[0004] These and other drawbacks exist with respect to current electric scooter share services.

BRIEF DESCRIPTION OF THE DRAWINGS

[0005] Figures 1A-1B are diagrams ilustrating an electric scooter docking station. [0006] Figures 2A-2D are diagrams illustrating an electric scooter docked within the electric scooter docking station.

[0007] Figure 3 is a diagram illustrating an electric scooter in contact with the electric scooter docking station.

[0008] Figures 4A-4C are diagrams illustrating contact components between an electric scooter and an electric scooter docking station.

[0009] Figure 5 is a diagram lustrating an electric scooter with electrical and/or mechanical contact components.

[0010] Figures 6A-6D are diagrams illustrating components configured to de-couple the electrical and/or mechanical components of an electric scooter to a docking station.

[0011] Figure 7 is a block diagram illustrating components of the electric scooter and the electric scooter docking station.

[0012] Figure 8 is a diagram illustrating an electric scooter docking station with a Z- shaped exit section.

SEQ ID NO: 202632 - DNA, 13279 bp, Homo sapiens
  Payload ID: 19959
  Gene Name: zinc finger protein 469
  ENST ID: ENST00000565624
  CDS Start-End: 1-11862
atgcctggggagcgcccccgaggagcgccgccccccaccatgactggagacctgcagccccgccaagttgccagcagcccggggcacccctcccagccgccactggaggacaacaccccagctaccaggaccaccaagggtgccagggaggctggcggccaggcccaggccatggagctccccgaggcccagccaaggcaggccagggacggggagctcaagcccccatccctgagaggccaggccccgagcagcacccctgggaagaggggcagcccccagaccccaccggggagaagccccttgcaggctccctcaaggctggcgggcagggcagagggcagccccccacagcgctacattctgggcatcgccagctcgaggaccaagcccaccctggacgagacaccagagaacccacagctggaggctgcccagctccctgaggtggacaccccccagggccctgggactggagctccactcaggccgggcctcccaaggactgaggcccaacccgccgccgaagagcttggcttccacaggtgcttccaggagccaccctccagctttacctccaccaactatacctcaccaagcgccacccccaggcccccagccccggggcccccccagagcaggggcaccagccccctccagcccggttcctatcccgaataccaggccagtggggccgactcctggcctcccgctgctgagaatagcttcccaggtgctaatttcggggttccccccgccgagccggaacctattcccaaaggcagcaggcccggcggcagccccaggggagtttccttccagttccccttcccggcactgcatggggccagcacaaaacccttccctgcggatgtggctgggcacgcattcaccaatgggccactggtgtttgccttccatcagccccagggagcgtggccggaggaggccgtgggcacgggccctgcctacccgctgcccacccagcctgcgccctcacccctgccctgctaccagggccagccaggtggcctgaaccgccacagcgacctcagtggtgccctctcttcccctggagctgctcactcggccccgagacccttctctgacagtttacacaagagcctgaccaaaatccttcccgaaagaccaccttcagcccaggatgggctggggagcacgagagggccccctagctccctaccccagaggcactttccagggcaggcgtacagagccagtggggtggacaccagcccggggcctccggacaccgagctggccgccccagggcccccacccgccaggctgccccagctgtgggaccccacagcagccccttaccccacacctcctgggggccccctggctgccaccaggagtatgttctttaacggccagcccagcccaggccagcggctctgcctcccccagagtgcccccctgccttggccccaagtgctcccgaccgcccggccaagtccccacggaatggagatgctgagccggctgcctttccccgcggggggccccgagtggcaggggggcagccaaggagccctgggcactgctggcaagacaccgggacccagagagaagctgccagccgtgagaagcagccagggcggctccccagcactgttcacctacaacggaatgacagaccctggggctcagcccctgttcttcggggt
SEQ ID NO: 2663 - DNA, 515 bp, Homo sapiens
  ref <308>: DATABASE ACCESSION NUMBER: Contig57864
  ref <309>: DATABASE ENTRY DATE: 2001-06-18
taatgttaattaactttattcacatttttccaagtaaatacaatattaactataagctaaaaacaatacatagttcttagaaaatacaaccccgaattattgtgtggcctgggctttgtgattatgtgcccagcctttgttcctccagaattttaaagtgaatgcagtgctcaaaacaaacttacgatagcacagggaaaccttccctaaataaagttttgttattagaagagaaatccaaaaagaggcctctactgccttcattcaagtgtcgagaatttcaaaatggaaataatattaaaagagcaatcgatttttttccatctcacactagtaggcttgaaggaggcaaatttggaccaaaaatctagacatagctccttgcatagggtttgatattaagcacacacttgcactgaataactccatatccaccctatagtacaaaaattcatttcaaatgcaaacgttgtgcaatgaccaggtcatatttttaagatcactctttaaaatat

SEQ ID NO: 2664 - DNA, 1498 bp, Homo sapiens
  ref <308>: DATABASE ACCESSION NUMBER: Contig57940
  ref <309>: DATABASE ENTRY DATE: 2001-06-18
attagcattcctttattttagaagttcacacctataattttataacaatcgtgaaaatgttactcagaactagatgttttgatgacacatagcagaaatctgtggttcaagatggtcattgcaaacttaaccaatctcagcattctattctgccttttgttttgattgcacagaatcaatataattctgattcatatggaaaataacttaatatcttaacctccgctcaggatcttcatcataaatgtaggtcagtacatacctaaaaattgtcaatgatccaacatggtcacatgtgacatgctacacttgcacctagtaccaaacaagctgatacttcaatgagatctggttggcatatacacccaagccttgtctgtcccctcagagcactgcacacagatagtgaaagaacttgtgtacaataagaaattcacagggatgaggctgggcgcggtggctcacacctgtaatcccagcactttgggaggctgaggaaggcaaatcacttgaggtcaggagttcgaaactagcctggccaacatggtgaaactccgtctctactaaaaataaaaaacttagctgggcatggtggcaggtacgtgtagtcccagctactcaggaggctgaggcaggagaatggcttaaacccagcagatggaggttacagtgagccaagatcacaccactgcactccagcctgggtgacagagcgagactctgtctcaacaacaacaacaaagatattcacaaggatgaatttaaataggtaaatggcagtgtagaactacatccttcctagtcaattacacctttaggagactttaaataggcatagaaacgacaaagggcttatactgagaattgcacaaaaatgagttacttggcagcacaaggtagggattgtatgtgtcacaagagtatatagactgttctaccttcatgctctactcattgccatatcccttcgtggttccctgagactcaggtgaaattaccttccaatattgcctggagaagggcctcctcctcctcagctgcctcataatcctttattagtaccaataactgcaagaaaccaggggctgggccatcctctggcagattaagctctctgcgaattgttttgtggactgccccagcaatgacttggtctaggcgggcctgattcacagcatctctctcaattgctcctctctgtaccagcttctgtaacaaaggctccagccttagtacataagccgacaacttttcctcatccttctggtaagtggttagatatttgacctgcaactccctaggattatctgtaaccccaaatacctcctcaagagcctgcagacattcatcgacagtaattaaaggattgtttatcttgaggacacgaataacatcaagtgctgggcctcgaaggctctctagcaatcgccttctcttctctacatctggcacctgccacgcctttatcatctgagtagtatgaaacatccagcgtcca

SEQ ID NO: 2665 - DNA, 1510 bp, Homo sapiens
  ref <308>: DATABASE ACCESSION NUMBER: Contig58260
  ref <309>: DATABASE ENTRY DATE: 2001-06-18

[0013] Figures 9A-9D are diagrams illustrating the dispensing of an electric scooter from the electric scooter docking station.

[0014] Figures 10A-10H are diagrams illustrating an electric scooter docking station having a vertical storage configuration.

[0015] Figures 11A-11C are diagrams illustrating an electric scooter docking station having a handtebar coupling configuration.

[0016] Figures 12A-12C are diagrams illustrating an electric scooter docking station having a sideways storage configuration.

[0017] Figures 13A-13D are diagrams illustrating a method and apparatus for removing a scooter from a docking station.

[0018] In the drawings, some components are not drawn to scale, and some components and/or operations can be separated into different blocks or combined into a single block for discussion of some of the implementations of the present technology. Moreover, while the technology is amenable to various modifications and alternative forms, specific implementations have been shown by way of example in the drawings and are described in detail below. The intention, however, is not to limit the technology to the particular implementations described. On the contrary, the technology is intended to cover all modifications, equivalents, and alternatives fating within the scope of the technology as defined by the appended claims.